2.1The study population
The design, details, and primary results of the study have been reported previously . To be brief, the purpose of the study is to evaluate different biomarkers’ prognostic value of adverse cardiac events in patients with CAD. From 2011 to 2015, a total of 4078 patients who underwent coronary angiography examination diagnosed as stable angina pectoris (SAP) or ACS at our hospital were included in the study; subjects were required to be 18 years or older and the result of angiography suggested at least one major coronary artery stenosis ≥ 50%. Patients were excluded if they had severe heart failure, atrial fibrillation, aortic dissection, active infective disease, history of malignancy, end stage of renal disease, as well as those in a deep coma. In the current study, patients were also excluded if their blood sample or detailed data were not available. Finally, a total of 3641 patients were included in the present study (Fig. 1).
2.2 Data collection
Baseline data on demographic characteristics, lifestyle risk factors, cardiac history, and medications were collected at the time of enrollment. CAD were classified as SAP or ACS based on the clinical symptoms and the imaging data. Blood samples were collected in the early morning. On the basis of protocol, the blood were obtained by the EDTA-anticoagulated plastic tubes. All the blood samples were centrifuged at 1000 g for 10 min and serum samples were stored at 80℃. Routine laboratory determinations (blood glucose, lipids) were measured using commercial reagents following standard procedures. Patients were considered to be hypertension with BP > 140/90 mmHg or under anti-hypertensive medication. Hyperlipidemia was defined as known but untreated dyslipidemia or current treatment with lipid-lowering medications. Diabetes mellitus (DM) was defined as the presence of symptoms of diabetes and a resting plasma glucose concentration ≥ 200 mg/dL, a fasting plasma glucose concentration ≥ 126 mg/dL, a 2-h plasma glucose concentration ≥ 200 mg/dL in a 75 g oral glucose tolerance test, or taking hypoglycemic agent or other medications for DM. Current smoking was defined smoking if they reported any tobacco use in the last 30 days.
2.3 Plasma ST2 detection
Blood samples were collected within 24 h of hospital admission after at least 8 h of fasting. The ST2 levels were determined in serum in single measurements by using a quantitative sandwich monoclonal enzyme-linked immunosorbent assay (Presage ST2 Assay, Critical Diagnostics, Inc., San Diego, California). A standard curve was constructed. Analysts were blinded to patients’ characteristics and endpoints of the study participants.
2.4 Outcome assessment
Patients were followed up until May 2020 or until the occurrence of cardiovascular events. All participants were followed up by analyses of clinical materials and telephone contact semiannually. The primary endpoint was MACEs, the second endpoint was all-cause death. MACEs was defined as cardiac death, myocardial infarction, unstable angina and unplanned revascularization. All deaths were considered cardiac unless a definitive non cardiac cause was established. Unstable angina pectoris was defined as new or accelerating symptoms of myocardial ischemia accompanied by new ischemic ST-T changes. Myocardial infarction was defined as the rise of cardiac biomarkers with evidence of myocardial ischemia. Unplanned revascularization was diagnosed if the patient underwent percutaneous coronary intervention (PCI) or coronary artery bypass grafting (CABG) with evidence of myocardial ischemia. We obtained follow-up for all patients until the primary outcome or date of censoring. All-cause death was defined as death from any cause. The follow-up time was calculated from the date of cardiac event onset to the date of event occurrence or the date of the last follow-up. Written informed content was obtained from all study participants, and the study was approved by the ethics committee of Chinses PLA General Hospital.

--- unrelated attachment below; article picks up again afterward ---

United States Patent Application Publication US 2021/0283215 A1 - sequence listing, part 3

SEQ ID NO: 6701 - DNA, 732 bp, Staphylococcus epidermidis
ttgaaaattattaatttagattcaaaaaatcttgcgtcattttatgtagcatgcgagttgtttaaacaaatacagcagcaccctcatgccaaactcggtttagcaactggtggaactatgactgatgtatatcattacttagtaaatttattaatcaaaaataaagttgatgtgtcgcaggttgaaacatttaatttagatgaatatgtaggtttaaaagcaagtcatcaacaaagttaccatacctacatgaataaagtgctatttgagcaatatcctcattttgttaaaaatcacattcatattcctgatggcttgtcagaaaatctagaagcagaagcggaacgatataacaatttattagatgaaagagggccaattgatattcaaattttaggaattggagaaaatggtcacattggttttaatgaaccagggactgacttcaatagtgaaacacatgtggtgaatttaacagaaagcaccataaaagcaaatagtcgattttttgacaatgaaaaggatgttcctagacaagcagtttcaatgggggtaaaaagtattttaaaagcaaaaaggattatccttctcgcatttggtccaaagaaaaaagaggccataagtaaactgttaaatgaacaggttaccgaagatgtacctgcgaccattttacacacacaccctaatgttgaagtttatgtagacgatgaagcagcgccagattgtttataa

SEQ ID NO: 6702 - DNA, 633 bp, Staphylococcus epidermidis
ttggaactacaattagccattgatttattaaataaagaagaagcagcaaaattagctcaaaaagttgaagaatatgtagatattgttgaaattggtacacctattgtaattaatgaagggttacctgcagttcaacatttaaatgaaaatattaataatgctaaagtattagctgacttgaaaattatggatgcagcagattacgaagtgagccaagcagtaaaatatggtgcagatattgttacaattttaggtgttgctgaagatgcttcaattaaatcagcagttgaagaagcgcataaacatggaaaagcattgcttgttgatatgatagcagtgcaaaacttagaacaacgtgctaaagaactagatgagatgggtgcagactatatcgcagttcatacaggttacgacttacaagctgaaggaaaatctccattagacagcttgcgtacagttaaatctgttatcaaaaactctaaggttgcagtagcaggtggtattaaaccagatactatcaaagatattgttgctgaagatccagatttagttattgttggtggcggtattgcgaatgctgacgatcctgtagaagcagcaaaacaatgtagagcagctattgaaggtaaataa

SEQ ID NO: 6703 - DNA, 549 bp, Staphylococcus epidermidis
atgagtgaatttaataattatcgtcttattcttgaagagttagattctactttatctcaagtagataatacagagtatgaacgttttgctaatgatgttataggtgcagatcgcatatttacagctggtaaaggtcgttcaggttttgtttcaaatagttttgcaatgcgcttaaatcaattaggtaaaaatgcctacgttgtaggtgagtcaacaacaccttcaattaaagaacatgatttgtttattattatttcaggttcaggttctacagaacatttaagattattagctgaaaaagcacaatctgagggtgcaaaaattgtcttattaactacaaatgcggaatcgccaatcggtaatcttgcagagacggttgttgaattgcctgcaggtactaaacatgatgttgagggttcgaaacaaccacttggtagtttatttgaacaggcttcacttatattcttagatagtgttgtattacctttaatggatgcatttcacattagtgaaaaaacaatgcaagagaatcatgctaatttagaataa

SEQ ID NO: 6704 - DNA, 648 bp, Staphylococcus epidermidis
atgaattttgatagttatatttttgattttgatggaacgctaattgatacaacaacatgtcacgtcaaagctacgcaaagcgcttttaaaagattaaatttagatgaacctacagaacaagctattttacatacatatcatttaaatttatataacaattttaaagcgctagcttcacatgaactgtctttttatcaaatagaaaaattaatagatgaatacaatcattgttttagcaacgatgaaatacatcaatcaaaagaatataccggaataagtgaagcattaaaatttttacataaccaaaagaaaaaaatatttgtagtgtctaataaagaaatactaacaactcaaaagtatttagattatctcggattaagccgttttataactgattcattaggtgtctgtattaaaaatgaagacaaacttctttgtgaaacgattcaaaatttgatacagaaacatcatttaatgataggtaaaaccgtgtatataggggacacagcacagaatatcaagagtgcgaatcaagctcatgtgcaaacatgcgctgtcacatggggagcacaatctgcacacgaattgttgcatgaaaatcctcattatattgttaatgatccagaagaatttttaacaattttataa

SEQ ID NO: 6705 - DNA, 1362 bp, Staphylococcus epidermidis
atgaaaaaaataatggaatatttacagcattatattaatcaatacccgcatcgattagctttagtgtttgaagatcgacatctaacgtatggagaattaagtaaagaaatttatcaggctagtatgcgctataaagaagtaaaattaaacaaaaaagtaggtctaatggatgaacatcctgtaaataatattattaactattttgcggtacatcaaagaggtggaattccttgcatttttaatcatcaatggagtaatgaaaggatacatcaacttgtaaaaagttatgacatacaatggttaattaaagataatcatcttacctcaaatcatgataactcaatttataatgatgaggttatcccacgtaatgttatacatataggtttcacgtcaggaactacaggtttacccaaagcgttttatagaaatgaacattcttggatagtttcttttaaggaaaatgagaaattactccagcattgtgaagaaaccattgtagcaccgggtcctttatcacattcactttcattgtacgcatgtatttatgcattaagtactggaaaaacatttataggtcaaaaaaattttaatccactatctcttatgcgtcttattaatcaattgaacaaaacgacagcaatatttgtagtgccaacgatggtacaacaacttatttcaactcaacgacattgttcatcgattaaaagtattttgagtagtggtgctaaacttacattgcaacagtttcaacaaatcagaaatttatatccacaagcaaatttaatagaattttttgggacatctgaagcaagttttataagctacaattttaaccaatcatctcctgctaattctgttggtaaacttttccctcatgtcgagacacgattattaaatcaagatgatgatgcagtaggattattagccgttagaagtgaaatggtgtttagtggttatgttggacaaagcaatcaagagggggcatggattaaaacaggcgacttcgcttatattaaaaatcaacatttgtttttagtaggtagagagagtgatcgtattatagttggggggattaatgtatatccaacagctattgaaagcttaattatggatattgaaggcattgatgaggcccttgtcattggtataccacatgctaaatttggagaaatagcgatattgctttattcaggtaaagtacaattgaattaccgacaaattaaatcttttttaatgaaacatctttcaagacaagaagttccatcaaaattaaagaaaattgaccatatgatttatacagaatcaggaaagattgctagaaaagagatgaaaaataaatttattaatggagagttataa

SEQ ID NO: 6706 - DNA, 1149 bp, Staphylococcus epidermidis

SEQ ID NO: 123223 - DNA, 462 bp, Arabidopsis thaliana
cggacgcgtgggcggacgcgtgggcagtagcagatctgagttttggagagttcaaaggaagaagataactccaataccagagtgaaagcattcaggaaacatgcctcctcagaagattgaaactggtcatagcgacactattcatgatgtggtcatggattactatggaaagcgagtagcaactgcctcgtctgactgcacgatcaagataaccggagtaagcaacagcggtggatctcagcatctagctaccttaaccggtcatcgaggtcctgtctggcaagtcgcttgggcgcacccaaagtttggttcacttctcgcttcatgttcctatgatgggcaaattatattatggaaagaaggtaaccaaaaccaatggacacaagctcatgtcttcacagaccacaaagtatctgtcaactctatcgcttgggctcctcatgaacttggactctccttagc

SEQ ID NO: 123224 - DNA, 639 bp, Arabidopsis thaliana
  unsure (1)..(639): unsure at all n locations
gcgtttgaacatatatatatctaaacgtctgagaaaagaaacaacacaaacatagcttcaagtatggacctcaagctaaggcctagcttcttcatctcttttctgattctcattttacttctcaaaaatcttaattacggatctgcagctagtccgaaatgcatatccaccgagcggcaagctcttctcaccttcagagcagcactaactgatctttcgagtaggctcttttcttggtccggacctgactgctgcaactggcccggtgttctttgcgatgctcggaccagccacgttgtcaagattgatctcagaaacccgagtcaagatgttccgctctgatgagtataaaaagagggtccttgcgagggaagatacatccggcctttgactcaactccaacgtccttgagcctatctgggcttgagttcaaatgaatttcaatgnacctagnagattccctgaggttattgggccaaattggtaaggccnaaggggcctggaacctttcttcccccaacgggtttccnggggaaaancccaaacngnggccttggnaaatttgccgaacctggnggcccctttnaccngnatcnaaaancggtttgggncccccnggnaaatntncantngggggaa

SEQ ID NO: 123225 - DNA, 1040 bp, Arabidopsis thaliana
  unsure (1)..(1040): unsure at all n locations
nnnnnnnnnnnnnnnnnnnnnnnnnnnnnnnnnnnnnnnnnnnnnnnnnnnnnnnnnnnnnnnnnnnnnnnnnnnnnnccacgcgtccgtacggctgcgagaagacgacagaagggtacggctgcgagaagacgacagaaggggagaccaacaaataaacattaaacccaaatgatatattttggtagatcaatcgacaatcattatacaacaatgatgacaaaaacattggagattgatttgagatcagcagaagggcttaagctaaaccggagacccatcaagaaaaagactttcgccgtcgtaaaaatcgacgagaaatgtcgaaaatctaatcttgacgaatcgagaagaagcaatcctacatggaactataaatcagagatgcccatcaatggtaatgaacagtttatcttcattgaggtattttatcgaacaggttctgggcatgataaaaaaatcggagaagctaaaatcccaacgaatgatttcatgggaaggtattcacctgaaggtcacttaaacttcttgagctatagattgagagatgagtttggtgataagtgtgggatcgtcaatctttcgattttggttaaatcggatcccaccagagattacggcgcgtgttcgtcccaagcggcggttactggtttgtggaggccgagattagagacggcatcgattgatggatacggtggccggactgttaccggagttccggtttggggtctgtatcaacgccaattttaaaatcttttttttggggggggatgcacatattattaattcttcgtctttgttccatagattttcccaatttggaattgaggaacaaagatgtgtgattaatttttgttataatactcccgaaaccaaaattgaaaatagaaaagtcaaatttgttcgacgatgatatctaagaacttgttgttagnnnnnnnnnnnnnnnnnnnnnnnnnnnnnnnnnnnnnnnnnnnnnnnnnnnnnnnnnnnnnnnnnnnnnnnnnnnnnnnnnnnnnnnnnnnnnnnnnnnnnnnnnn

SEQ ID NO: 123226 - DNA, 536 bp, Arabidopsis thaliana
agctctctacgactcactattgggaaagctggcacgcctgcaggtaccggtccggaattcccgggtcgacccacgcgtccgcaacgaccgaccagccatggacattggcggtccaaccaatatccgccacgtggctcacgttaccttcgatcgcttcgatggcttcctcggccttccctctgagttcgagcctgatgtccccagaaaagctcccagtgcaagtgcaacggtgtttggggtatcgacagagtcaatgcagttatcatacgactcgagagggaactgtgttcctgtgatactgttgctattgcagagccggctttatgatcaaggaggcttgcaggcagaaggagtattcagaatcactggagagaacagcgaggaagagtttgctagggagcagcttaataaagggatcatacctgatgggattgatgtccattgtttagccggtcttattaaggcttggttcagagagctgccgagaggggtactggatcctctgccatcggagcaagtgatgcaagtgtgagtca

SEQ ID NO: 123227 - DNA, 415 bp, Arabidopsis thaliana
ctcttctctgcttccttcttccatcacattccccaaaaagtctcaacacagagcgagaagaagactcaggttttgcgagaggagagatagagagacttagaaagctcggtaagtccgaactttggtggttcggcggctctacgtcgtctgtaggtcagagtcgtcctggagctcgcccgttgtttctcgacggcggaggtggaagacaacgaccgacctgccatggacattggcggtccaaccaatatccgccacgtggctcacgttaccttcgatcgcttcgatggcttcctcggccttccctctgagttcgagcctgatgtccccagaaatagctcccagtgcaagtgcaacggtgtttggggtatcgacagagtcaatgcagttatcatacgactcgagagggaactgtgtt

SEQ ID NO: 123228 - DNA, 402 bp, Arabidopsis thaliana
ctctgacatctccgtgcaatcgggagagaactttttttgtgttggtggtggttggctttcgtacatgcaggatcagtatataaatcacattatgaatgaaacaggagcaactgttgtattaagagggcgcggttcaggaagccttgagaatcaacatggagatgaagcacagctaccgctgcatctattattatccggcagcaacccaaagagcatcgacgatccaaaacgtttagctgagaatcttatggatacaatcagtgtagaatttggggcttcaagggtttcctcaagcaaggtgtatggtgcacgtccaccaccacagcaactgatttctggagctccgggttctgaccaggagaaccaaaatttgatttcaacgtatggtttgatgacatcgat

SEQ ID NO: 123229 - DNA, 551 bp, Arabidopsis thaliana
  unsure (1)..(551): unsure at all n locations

2.5 Statistical analysis
Patients were divided into two groups according to the median level of ST2. Differences in baseline characteristics between the two groups were evaluated by chi-square tests (categorical variables), analysis of variance as appropriate. Variables with a normal distribution are presented as mean ± SD, whereas in case of non-normality the medians are presented. Categorical data are presented as counts or percentages. Kaplan-Meier curves was used to estimate the cumulative incidence risks of outcomes across baseline ST2 levels and compared by log-rank tests. Cox proportional hazards models were used to evaluate the association of baseline ST2 levels with the study endpoints. The results are presented as the hazard ratios (HRs) and 95% confidence intervals (CIs) according to levels of ST2. We fitted two multivariate proportional hazards models. Model 1 was adjusted for clinical variables including age, sex, BMI, current smokers, hypertension, hyperlipidemia, diabetes mellitus, previous myocardial infarction (MI), previous PCI/CABG, TC, TG, HDL-C, LDL-C. Model 2 was based on model 1, with the addition of ST2. The relation of ST2 levels with outcomes is presented with COX proportional hazard models both with ST2 as a continuous variable and with ST2 as a categorical variable. Area under ROC curve (AUC) was used to compare the predictive ability of the parameters of interest. Furthermore, continuous net reclassification index (NRI), and integrated discrimination improvement (IDI) were generated to evaluate any improvement in prognostic prediction when ST2 was added to the established model. SPSS and R 4.0.0 (R Foundation for Statistical Computing) used for descriptive data analysis. All statistical tests were 2-tailed, and p values < 0.05 were considered statistically significant.